Waiting for "The Call"

“Honey, it’s always crap. Every book I write is crap. It’s my job to fix the crap afterwards,” according to Nora Roberts. Well, I've got it half right. Still working on the "fixing it" part. "Trust your characters to be complex enough and to have enough emotional baggage. Force them to make hard choices." Advice from Michelle Styles that might help!

Hero material? July 10, 2009

Filed under: Writing and Life — Autumn Macarthur @ 9:45 pm
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I’m reading the new Modern Heat guidelines on eHarl. They say –


Upmarket, glossy and sharply contemporary, these stories sparkle with lively dialogue and sizzling sensuality! They offer all the international glamour, passion and alpha-male heroes you expect from Modern/Presents, with a flirty young voice and a whole load of sass! Written by talented, original authors such as Heidi Rice, Natalie Anderson, Kelly Hunter, Kimberly Lang, Anne Oliver, Anna Cleary and Lucy King, these entertaining romances reflect the life experiences of today’s young women, within a chic, glamorous and usually urban setting. The heroines are often your twenty-something girl-about-town but there’s no compromising on the Modern Heat hero: he must be very alpha and absolutely to die for! There’ll be sparks flying when these two meet—and nothing short of fireworks once they get to the bedroom!

We are on the lookout for new authors who can convey that young urban feel with 21st-century characters, simmering sexual and romantic tension and, of course, that all-important hot sex!


Eek! “Very alpha”? Just when I got used to the idea that MH heroes were “alphas in training”!


I’ve already linked to the excellent thread on Alpha heroes on Kate Walker’s blog. Myself, I find the Alpha hero a bit scary, even though Kate writes them so well and they eventually show that vulnerability at their core they’ve been working so hard to protect. I’m more of a “highly successful beta hero” type girl. There’s a great discussion on the more beta hero here on eHarl.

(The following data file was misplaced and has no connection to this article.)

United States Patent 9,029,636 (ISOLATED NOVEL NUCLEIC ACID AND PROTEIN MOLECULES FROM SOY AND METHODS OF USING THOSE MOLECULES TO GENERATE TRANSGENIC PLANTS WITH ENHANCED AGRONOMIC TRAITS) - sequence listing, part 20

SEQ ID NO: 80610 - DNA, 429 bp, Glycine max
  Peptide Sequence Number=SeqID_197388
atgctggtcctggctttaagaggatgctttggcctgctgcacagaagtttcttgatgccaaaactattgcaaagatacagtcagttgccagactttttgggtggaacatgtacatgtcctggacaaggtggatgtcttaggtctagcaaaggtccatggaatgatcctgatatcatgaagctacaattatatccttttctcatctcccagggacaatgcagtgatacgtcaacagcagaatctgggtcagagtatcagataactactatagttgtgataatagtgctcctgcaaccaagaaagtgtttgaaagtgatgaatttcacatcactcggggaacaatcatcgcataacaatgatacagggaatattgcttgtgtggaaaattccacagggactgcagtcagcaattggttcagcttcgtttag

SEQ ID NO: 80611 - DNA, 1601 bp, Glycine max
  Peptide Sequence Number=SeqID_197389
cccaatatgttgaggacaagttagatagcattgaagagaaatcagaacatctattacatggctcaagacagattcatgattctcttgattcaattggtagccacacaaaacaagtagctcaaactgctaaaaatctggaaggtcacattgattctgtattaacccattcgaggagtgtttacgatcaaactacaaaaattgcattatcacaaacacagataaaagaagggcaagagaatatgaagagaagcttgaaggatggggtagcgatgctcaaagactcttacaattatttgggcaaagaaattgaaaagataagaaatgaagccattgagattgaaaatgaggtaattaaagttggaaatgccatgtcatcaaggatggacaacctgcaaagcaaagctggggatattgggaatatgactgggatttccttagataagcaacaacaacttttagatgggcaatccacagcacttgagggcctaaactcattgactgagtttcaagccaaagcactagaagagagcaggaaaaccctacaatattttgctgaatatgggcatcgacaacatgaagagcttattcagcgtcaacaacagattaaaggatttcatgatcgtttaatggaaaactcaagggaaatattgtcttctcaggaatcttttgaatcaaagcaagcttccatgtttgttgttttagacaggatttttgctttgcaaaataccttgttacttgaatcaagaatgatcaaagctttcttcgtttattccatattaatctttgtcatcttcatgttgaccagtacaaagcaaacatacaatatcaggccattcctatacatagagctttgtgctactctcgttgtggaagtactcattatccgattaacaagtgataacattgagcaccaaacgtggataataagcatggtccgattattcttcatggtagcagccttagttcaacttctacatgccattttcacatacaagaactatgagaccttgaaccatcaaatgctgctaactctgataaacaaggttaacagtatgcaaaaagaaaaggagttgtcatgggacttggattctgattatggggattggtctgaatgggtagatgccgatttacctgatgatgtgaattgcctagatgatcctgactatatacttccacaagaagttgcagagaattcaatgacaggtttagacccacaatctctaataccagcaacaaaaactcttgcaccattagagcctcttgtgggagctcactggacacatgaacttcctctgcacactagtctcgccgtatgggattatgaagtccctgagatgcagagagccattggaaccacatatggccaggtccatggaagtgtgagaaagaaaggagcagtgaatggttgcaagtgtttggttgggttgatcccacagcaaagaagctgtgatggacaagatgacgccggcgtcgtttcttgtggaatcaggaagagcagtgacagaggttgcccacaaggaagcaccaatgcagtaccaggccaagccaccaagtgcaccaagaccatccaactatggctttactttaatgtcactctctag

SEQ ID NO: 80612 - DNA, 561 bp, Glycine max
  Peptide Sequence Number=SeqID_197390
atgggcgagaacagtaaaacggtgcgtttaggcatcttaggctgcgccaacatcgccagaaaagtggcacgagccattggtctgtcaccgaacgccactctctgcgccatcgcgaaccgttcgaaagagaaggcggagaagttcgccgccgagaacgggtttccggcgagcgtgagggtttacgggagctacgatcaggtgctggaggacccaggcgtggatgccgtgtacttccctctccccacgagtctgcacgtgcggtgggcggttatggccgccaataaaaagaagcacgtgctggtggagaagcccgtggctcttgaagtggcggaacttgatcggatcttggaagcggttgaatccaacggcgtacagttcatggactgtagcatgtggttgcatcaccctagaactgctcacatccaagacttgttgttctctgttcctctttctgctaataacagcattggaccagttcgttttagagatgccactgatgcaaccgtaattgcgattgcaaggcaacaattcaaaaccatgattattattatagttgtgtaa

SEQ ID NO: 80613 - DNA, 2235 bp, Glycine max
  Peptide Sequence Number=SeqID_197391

Jeannie Watts, a Harlequin Superromance writer, says-

I don’t have a lot of hero groveling because that was what always happened in the 1970’s Presents and I want to escape from stereotype island.  I prefer to never have a hero in a situation where he’s been so insensitive that he has to grovel.  (Not that I don’t enjoy reading a good grovel every now and then-it’s just not an instinctive way for me to plot a story.)  Instead I have him confess more than anything.  He tells the heroine what he’s come to understand about himself.  She can either accept it or not.

I like that idea. The alpha can’t grovel and stay Alpha. Any more than the heroine should be expected to grovel. A strong man needs a strong woman. But he does need to change and grow and realise that keeping on going the way he’s been going will only lead to a sterile empty and loveless life. The problem I have is- does he have to be a total bastard first? Is it enough to be a mega-sucessful, part workaholic part playboy, living life only for himself, until he comes to realise that living like that will cost him the most important thing in his life- the love of the heroine?


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